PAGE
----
The Nagas

Hill Peoples of Northeast India

Project Introduction The Naga Database

manuscript notes on the Zemi Nagas by Ursula Graham Bower

caption: Le-hera genna: a sickness genna for removing evil spirits from the village
caption: gennas
medium: notes
keywords: mpe
person: Graham Bower/ Ursula
date: 1939-1946
refnum: Betts papers, ring binder 1
person: Centre for South Asian Studies, Cambridge
text: 6th Day: Mpe-kap-pe-ngi ('Wood-striking-genna')
text: In the morning the young men go ho-hoing to colour the mpe. It is laid on sticks, so as not to rest on the ground. Once it has been coloured neither dogs, pigs nor men, nor anything else, may step or jump over it, and the bucks must keep a sharp look-out. One of the village dogs once ran over a mpe in Asalu, and the unfortunate dekachang had to hurry off at the last minute; the rival dekachang came to their help, and some sort of an mpe in Asalu, and the unfortunate dekachang had to hurry off at the last minute; the rival dekachang came to their help, and some sort of an mpe was found and put up, but on a very small scale.
text: The wood is white, and is coloured with soot and what appears to be some sort of turmeric. The usual length is about 14 to 18 feet, width 12 to 18 inches, and in shape like a very elongated cricket-bat with a small handle. They are undoubtedly human, however little they may look like it. (SKETCH drawn 19/1/1941 Going from top to bottom the patterns are: 1. Teeth 2. Eyes 3. Heart 4. Cloth border pattern 5. Weaving-sword 6. Cloth border pattern. The teeth are stencilled in by cutting a leaf in a zig- zag pattern and rubbing colour in the gaps.)
text: When both the mpe are coloured they are put up on a scaffolding and the cross-bars which support them are decorated with bunches of poinsettias or feathery grass.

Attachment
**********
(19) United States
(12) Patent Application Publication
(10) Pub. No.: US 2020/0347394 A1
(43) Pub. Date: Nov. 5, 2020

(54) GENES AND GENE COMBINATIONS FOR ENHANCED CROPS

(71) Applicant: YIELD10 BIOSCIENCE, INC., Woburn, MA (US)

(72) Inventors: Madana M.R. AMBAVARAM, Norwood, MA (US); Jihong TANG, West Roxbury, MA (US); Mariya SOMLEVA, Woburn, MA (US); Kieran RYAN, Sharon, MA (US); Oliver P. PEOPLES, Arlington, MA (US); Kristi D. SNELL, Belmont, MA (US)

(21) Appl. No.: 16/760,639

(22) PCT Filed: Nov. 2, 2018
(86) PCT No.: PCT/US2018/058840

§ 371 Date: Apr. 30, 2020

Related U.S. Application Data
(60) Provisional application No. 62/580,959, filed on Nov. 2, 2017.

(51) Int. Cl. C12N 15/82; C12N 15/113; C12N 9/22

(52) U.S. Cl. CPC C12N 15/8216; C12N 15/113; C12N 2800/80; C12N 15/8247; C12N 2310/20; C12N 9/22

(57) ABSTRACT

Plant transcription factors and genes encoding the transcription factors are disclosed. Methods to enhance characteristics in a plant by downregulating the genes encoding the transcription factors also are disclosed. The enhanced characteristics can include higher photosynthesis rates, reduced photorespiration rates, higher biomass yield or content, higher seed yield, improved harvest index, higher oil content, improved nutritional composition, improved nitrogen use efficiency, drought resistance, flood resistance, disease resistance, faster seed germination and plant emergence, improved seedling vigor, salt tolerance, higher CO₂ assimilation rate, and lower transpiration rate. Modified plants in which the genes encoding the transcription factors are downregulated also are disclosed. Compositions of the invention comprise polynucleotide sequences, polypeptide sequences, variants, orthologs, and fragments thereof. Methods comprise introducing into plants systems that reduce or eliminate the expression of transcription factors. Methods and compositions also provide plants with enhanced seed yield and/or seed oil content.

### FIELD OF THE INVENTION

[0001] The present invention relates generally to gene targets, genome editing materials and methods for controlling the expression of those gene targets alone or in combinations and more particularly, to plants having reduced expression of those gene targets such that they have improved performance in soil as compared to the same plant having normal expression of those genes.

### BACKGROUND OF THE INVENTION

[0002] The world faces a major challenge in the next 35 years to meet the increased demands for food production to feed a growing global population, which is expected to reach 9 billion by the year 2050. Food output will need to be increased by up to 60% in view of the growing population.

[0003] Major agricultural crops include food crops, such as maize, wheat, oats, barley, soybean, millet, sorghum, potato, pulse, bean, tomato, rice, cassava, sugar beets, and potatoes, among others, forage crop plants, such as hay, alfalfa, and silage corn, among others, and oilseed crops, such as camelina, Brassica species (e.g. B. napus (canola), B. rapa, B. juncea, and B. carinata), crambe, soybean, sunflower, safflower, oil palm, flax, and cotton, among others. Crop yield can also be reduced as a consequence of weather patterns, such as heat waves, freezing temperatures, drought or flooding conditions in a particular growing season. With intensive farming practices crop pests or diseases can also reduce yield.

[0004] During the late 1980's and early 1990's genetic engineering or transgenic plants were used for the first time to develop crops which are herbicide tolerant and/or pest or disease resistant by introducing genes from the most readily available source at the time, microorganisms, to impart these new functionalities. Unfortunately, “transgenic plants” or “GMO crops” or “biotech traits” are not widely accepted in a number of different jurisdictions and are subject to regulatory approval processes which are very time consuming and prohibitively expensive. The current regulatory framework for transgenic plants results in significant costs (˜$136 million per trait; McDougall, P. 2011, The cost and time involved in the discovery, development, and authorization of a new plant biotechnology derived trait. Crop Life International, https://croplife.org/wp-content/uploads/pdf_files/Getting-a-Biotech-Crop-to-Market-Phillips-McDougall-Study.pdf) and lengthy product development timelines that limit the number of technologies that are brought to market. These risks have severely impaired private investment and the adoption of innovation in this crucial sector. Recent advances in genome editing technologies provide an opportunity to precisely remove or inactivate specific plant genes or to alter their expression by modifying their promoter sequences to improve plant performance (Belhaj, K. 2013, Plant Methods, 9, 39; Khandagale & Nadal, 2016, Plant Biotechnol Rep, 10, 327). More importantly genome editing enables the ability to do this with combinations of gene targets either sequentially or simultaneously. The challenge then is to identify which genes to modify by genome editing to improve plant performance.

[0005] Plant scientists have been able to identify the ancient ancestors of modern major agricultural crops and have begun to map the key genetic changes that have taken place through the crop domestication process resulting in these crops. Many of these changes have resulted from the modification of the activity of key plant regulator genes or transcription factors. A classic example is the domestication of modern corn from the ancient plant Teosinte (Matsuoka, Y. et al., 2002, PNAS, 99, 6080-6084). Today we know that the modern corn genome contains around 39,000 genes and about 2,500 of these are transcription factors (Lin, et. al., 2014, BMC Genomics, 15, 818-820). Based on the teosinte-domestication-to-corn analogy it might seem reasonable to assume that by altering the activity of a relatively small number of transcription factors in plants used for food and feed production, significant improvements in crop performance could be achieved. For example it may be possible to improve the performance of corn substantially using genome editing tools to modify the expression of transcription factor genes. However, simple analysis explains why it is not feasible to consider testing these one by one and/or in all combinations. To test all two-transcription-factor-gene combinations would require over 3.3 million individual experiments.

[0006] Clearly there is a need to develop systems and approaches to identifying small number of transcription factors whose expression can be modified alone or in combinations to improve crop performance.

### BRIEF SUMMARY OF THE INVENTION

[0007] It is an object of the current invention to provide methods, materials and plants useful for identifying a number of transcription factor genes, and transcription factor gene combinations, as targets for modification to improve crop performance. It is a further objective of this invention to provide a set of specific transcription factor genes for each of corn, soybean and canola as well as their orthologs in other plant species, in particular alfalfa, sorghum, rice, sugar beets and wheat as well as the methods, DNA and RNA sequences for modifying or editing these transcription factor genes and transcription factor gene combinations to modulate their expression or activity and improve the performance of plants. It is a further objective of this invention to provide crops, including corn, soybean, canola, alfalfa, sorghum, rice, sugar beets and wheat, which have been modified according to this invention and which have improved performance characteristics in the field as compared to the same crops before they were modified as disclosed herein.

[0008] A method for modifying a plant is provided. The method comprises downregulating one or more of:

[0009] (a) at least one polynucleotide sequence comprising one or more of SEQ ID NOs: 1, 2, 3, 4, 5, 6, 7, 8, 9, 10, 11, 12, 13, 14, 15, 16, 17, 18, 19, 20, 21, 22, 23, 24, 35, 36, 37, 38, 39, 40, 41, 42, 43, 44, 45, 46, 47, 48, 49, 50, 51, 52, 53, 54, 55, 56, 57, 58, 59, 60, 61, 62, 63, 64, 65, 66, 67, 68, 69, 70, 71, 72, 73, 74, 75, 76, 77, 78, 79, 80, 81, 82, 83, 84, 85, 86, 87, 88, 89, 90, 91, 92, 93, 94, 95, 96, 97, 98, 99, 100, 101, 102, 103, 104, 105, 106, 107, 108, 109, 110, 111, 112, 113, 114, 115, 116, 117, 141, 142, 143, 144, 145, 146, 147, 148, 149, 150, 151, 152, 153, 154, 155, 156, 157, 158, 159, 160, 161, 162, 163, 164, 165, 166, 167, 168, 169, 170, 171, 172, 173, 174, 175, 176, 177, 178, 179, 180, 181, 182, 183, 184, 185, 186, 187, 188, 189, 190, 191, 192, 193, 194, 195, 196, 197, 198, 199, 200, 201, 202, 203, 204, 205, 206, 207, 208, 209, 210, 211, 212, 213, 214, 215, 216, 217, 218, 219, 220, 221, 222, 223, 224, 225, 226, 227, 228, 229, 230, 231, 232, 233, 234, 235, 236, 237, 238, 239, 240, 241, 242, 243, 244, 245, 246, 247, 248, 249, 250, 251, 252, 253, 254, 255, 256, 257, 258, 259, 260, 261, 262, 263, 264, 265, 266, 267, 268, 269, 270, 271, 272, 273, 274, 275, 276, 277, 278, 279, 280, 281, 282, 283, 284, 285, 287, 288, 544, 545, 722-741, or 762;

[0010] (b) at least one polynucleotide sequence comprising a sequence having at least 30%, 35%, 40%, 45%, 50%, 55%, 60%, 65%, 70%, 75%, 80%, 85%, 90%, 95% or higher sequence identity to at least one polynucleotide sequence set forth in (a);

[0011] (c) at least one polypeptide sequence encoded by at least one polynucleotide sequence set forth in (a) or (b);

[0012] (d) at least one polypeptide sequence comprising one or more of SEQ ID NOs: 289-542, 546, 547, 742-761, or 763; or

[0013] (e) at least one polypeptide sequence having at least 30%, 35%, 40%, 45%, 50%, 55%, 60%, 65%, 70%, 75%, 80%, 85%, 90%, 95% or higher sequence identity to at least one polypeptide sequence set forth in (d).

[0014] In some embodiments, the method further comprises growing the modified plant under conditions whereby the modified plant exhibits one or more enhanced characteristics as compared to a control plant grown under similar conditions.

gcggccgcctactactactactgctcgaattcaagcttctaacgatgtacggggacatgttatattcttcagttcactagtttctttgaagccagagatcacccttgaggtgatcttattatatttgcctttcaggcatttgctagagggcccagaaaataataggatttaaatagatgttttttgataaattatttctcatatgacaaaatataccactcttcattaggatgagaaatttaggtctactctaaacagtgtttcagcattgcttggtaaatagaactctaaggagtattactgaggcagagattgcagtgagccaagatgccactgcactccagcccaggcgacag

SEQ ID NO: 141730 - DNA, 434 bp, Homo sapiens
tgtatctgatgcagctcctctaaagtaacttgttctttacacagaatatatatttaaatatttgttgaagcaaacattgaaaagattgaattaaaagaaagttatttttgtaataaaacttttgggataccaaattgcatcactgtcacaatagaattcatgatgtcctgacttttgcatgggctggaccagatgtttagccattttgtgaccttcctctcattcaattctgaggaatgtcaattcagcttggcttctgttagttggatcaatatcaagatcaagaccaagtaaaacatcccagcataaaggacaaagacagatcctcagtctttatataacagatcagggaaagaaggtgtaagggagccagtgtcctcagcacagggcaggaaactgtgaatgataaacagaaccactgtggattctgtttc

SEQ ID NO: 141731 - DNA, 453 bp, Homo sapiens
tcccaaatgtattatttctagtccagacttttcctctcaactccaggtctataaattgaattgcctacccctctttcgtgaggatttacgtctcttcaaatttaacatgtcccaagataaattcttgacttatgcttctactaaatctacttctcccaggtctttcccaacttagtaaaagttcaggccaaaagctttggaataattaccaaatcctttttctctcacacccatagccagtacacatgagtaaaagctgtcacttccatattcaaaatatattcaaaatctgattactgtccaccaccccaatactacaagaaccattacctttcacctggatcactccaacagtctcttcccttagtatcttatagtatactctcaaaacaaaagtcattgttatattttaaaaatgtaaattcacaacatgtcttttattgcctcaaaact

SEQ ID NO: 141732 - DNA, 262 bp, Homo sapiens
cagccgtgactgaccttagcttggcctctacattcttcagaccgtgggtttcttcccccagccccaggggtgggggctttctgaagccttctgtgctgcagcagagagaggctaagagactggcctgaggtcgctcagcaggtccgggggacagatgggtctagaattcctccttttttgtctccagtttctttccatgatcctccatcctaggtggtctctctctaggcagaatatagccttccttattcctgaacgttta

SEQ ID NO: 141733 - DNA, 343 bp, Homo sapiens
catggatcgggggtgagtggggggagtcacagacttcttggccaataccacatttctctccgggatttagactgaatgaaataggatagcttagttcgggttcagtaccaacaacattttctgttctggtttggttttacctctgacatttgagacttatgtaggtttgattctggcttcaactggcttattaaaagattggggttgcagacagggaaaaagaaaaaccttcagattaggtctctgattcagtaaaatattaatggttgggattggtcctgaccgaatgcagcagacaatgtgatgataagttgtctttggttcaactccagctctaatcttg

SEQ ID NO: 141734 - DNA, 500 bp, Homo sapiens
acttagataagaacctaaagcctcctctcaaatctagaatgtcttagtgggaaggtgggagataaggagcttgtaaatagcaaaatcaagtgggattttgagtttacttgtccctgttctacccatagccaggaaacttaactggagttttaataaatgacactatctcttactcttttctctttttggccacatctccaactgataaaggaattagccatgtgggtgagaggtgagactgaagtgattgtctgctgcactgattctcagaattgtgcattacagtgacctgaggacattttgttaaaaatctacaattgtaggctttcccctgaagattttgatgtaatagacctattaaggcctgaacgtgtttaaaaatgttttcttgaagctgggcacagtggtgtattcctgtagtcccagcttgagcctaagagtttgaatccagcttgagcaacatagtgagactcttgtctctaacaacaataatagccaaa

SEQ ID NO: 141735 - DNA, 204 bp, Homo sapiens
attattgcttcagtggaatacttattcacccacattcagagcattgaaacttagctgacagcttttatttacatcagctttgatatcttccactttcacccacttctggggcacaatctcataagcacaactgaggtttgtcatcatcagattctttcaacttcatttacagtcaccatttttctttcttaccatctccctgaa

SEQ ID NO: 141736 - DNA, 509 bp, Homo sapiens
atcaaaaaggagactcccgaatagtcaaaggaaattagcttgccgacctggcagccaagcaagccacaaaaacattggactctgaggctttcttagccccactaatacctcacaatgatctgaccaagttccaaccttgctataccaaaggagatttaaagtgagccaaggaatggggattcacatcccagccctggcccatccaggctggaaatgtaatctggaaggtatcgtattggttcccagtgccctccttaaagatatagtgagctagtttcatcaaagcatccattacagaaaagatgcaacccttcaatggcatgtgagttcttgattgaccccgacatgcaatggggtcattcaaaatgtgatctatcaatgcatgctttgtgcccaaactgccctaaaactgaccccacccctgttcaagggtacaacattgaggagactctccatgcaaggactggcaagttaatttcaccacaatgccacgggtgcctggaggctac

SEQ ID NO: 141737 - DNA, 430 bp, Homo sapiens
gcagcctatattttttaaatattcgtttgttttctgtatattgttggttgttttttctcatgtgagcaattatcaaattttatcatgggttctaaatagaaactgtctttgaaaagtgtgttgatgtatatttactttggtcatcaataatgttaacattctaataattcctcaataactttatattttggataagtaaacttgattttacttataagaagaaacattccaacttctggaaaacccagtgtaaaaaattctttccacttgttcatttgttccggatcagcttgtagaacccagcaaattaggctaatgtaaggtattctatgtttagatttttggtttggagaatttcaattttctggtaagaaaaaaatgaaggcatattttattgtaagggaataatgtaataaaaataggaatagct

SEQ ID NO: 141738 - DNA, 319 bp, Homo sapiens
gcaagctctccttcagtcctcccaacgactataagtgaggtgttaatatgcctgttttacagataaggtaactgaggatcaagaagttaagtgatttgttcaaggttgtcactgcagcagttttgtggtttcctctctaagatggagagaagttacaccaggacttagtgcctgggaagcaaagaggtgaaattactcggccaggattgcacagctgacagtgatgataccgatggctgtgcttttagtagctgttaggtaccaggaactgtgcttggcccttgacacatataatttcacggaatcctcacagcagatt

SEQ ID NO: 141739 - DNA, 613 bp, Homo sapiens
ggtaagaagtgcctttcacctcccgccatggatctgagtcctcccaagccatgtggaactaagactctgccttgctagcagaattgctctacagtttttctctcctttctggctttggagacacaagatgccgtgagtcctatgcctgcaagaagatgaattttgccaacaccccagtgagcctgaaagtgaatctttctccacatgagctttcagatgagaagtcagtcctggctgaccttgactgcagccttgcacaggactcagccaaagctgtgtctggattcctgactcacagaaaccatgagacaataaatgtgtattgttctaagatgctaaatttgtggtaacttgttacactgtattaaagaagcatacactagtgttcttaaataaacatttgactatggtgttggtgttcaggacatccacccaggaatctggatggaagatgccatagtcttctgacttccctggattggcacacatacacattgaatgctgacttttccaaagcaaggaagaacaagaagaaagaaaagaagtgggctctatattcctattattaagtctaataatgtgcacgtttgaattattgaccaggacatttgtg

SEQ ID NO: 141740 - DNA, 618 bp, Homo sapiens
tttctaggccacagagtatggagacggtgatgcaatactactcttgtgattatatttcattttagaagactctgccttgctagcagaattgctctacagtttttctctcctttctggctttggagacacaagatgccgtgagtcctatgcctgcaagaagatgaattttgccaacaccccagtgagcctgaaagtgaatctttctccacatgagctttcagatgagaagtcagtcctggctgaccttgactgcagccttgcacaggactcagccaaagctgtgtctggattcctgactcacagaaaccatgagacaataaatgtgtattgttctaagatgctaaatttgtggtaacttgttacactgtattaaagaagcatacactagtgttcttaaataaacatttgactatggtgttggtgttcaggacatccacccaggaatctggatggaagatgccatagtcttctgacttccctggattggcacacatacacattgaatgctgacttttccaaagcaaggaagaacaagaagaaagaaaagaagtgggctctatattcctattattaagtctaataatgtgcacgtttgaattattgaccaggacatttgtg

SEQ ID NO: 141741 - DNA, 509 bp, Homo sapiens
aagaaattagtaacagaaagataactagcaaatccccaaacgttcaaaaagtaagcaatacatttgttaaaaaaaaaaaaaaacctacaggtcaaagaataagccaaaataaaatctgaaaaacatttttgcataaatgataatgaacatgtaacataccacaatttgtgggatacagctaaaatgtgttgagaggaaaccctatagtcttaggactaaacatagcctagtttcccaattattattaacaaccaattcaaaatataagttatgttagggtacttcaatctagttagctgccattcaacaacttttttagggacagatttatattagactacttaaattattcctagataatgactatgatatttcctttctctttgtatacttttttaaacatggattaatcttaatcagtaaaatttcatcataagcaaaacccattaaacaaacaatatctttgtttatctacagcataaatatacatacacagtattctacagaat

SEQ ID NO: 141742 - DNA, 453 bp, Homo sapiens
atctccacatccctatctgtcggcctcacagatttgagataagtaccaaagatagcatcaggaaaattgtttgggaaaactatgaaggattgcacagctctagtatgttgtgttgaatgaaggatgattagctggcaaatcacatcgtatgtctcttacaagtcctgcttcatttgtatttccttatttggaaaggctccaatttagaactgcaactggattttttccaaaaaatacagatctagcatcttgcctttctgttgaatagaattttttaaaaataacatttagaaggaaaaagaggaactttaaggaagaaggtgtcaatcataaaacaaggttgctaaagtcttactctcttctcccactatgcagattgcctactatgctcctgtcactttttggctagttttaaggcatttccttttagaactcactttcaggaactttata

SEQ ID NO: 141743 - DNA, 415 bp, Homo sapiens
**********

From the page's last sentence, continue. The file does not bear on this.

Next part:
text: Darts of a tall, stiff grass called ndeo-pum have already been prepared. The grass has a dry, papery sheath above each joint, and the stem inside this is cut away, a small portion below the joint being left and cut to a point. The sheath acts as a feather. They are thrown with the sheath foremost, the point being held in the fingers, and they turn over in the air and land point-first.
text: About the middle of the morning all the bucks go and ho-ho in front of the upper mpe, and then before the lower. They return to the upper one, the small boys scudding before them with handfuls of darts, the men and bucks following suit. The whole procedure is then repeated at the lower mpe. Plenty of hits on the mpe and bright sunshine are good omens, and misses and a cloudy day bad ones. The party then returns to the hazoa and jump and put the stone.
text: In the evening an old man in each house takes rice cooked over the clean fire and two bits of the flesh of a comparatively unblemished pig, toasts the meat at the fire and puts it with salt in a leaf. He calls all the households together, goes outside the door, and says something to this effect: "Let there be no illness after this genna. If others make war with us, let my house be victorious". He then throws the food and leaf away and gives a loud yell. If his dreams that night are bad, he repeats the ceremony the following day.